A popular Spalding father and grandfather whose charity work became as well-known as his long spell as an “old school” football club physio has died, aged 88.
The funeral of Jack Pateman, who treated injured players at Spalding United for at least 20 years, takes place at South Lincolnshire Crematorium, Surfleet, tomorrow (Friday) at 10am.
Mr Pateman, who died on Saturday, October 14, is the second person with long-standing connections to the Tulips to pass away this month following the death three weeks ago of former vice-president Jack Goddard, aged 94.
But a tribute from Mr Pateman’s grandson Jack Padoan revealed that the “man with the magic sponge” was as recognised for his allotment and charity work as he was for helping out on the football pitch.
Mr Padoan, originally from Spalding but now running his own food business in London, said: “Within Spalding, Grandfather really was a celebrity and he impacted upon so many lives because he would bend over backwards to help anyone out.
“He was always managing the allotments in Horseshoe Road, Spalding, where he went everyday to collect potatoes and cauliflowers which he would give to his neighbours.
There was a lot more to my grandfather than just Spalding United Football Club because he was a family man and friend who wanted the best for peopleJack Padoan, grandson of the late Jack Pateman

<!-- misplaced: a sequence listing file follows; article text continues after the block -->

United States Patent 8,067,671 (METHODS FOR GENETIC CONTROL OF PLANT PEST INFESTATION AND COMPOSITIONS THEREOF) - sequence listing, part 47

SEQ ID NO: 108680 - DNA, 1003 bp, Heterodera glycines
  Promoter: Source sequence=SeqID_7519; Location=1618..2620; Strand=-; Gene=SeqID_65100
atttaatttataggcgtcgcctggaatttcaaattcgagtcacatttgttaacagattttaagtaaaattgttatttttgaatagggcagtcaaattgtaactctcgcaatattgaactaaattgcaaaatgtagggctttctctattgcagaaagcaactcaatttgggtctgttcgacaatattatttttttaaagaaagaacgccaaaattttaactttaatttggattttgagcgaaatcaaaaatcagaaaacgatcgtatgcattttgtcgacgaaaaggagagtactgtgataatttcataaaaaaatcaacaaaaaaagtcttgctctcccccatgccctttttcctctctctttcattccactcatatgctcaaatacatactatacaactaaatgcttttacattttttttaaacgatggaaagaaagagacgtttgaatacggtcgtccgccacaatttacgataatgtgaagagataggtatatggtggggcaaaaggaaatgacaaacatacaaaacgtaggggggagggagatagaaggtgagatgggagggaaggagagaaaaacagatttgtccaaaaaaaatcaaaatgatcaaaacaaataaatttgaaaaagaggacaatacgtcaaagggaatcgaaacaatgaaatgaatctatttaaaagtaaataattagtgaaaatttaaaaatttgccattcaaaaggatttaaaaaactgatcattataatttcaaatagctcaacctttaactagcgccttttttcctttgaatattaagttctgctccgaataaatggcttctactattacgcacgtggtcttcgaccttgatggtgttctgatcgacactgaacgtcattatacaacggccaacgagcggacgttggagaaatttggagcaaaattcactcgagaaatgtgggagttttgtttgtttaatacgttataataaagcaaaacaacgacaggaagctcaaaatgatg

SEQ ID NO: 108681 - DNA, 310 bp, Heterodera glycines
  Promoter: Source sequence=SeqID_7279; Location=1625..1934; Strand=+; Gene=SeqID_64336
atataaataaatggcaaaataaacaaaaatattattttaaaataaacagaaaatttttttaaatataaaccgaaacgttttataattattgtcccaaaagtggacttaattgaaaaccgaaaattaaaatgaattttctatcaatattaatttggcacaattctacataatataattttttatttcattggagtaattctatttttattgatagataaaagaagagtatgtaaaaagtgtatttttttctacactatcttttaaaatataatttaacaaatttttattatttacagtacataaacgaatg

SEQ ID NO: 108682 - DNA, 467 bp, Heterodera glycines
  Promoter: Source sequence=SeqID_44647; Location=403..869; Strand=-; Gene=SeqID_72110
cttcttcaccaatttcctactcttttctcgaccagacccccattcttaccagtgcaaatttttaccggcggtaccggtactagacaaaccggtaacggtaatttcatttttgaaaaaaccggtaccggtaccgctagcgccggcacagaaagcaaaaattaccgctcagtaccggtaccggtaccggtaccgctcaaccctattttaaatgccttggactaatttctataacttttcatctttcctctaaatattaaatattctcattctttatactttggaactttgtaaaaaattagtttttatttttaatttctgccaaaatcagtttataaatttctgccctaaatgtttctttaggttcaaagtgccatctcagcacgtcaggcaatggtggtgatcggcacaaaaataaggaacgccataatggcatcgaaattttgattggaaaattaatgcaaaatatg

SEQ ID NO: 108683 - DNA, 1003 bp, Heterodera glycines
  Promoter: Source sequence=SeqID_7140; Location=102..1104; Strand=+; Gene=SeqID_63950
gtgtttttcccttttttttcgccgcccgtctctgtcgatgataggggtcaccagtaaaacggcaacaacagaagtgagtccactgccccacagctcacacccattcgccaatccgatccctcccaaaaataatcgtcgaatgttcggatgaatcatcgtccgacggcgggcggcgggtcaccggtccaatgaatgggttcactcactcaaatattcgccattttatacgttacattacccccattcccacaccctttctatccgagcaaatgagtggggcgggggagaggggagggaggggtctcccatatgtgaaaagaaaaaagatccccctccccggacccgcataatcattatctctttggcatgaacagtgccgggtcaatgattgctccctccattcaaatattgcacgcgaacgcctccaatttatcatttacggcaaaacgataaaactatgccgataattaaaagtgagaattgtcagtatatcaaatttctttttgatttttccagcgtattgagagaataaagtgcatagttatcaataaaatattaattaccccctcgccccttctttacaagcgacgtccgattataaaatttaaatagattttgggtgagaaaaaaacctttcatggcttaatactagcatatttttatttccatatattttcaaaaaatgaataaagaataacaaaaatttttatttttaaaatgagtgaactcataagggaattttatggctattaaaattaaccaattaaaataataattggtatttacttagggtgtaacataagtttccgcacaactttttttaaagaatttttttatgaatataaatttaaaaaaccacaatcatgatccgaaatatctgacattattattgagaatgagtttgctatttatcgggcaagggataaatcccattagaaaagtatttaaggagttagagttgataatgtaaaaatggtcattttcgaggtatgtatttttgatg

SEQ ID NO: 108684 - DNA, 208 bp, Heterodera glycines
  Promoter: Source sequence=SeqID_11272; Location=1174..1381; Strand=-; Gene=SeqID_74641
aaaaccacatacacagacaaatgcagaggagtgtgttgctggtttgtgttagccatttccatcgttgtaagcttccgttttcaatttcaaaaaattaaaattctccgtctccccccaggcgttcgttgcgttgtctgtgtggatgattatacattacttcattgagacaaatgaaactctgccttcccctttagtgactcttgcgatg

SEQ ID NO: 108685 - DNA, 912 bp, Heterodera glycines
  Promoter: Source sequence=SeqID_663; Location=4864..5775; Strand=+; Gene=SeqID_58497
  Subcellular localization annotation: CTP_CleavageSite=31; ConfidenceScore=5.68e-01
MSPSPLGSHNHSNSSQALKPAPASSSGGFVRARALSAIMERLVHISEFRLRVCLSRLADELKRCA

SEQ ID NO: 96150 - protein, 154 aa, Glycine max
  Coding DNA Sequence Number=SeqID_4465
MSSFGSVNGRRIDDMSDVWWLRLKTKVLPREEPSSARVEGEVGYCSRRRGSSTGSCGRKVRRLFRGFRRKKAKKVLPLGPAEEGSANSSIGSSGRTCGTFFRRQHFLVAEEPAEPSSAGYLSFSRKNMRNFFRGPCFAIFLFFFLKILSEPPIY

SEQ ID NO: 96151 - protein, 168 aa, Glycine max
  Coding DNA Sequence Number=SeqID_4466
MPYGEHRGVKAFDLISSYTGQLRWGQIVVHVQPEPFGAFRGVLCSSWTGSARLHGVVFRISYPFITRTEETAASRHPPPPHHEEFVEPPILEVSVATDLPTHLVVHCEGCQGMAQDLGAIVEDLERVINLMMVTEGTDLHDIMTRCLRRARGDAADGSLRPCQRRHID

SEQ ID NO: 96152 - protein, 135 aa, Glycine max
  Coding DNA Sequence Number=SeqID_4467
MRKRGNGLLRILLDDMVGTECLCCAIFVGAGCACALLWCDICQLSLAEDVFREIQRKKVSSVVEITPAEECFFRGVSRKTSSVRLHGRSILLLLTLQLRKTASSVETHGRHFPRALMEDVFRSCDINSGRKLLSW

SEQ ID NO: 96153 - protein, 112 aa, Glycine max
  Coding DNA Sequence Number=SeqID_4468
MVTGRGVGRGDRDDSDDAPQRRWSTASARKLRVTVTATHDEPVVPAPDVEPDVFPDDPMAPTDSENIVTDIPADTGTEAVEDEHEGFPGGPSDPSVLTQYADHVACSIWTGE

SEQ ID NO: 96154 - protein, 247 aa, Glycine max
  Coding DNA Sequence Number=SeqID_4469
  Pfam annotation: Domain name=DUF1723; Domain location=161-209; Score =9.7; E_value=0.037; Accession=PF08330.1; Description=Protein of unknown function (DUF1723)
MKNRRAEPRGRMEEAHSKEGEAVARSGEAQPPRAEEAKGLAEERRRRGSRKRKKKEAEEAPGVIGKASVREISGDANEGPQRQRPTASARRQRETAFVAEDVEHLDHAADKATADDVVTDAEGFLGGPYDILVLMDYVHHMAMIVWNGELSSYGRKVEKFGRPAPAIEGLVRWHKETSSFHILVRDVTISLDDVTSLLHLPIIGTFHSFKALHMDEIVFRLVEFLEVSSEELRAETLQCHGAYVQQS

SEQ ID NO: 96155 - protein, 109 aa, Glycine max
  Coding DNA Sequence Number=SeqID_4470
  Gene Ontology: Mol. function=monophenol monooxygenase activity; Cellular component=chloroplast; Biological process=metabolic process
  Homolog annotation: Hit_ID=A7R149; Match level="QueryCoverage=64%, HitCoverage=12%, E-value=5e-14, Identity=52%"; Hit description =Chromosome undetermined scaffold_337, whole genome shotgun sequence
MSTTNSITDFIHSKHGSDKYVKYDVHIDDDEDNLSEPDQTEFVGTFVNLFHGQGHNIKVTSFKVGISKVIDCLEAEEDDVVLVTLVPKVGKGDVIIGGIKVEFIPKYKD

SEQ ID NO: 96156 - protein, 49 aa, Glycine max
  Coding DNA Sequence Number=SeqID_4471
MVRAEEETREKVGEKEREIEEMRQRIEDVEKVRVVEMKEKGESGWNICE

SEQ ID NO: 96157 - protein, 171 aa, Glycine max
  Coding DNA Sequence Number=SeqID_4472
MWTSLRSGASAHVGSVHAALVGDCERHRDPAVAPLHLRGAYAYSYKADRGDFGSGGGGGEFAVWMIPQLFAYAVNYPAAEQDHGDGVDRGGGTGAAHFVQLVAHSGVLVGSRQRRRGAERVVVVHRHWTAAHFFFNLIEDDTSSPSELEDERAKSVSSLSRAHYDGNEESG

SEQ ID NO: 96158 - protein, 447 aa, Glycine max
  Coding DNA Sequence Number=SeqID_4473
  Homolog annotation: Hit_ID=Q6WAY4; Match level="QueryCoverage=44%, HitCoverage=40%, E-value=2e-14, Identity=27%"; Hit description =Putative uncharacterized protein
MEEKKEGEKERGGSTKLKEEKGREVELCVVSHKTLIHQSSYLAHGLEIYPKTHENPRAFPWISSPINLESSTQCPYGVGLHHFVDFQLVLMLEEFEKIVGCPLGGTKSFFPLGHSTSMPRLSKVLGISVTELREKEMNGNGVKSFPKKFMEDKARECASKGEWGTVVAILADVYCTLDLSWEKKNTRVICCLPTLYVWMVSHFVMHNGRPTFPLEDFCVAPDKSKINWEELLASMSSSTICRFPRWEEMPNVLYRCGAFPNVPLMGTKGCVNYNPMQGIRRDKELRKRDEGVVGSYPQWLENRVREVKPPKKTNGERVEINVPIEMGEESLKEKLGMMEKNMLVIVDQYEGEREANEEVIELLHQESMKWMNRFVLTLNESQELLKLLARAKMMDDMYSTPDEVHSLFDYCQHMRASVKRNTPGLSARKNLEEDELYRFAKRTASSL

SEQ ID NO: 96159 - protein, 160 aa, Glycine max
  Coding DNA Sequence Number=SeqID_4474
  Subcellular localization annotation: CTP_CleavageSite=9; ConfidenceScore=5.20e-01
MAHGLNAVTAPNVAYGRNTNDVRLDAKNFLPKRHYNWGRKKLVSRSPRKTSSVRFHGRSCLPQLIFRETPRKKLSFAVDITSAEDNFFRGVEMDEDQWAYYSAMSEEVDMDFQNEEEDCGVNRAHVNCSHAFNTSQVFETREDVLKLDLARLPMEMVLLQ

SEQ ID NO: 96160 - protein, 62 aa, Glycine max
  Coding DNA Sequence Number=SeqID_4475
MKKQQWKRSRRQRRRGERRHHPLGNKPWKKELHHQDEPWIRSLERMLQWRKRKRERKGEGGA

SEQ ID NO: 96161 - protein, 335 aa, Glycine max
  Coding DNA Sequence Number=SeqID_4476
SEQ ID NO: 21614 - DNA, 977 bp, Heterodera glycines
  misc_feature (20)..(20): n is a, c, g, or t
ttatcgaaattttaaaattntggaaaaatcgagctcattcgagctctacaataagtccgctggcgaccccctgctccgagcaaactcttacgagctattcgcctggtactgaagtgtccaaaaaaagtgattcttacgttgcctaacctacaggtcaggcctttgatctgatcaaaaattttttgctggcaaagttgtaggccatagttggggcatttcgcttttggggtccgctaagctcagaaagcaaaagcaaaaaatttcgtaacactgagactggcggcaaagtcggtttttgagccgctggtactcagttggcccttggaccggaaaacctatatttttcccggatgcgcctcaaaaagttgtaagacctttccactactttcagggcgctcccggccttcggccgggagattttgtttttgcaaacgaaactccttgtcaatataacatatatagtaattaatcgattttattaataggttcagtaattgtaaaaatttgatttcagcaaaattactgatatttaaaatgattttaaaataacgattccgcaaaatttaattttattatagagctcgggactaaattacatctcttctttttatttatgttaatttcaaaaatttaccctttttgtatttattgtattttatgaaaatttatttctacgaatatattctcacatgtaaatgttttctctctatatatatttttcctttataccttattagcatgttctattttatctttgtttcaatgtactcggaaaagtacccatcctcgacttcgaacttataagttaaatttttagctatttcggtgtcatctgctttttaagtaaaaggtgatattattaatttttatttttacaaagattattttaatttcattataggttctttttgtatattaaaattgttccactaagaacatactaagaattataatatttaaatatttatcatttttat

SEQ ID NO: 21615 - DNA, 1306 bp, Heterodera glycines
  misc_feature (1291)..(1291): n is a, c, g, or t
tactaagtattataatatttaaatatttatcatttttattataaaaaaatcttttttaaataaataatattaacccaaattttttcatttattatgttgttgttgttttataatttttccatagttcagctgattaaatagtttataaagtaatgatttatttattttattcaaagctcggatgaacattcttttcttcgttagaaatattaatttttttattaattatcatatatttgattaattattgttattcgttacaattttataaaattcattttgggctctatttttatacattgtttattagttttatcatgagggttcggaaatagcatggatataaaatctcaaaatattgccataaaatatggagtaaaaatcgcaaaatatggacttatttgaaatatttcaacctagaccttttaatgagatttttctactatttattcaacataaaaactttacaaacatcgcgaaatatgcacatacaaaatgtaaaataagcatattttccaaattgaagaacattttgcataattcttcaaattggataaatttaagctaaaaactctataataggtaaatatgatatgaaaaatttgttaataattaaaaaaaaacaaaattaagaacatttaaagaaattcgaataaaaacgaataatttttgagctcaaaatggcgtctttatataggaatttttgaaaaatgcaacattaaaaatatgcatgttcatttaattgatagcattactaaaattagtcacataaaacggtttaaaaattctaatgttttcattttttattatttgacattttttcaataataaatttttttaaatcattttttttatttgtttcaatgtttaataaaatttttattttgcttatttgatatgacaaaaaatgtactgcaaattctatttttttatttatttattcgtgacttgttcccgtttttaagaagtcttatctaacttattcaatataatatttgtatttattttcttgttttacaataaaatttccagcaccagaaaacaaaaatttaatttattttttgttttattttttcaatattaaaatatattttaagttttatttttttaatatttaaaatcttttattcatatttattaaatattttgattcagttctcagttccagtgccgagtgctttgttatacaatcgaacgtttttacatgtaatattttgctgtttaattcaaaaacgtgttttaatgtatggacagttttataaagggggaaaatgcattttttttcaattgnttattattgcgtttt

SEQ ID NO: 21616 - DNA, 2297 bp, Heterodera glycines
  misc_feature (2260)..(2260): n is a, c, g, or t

“My grandfather would even give me potatoes and cauliflowers as well to make what I called ‘Grandfather’s Cauliflower Croquettes’.
“He would also cut people’s lawns and run charity barbecues on Horseshoe Road to raise money for Macmillan Cancer Support.
“There was a lot more to my grandfather than just Spalding United Football Club because he was a family man and friend who wanted the best for people.
“Grandfather was like a living legend of health and happiness who was known by so many people.”
In a tribute on behalf of Spalding United, director of football and ex-manager Bob Don-Duncan said: “I worked with Jack Pateman during my first spell in charge of Spalding United back in the late 1980s.
“He worked tirelessly in making sure that everything around him ran smoothly and, as a physio, he was very much chiselled from the ‘old school’ of player welfare.
“He could fill a full bucket of cold water and handle a mean sponge like nobody I’d met before and players soon got to their feet when Jack was on his way from the touchline, particularly on a bitterly cold December afternoon.
“After all, the last thing a player needed was a drenching with ice-cold water from Jack’s magic sponge.
“It’s fair to say that Jack was a great character, one of a kind, marvellous to have about the place and someone who I know was well-liked by all of the players.
“On the few occasions that our paths have crossed since those heady days when we were all a good bit younger, Jack and I would chat at length over ‘the good old times’.
“He was very fond of my son Ross, who attended matches with me as a youngster, and I know that he will be extremely sad at hearing of Jack’s passing.
“Suffice to say that Jack will be fondly remembered by all those who met him and who worked closely with him.”
A wake after Mr Pateman’s funeral will take place at The Riverside Hotel in Surfleet.
• What are your memories of Jack Pateman? Email email@example.com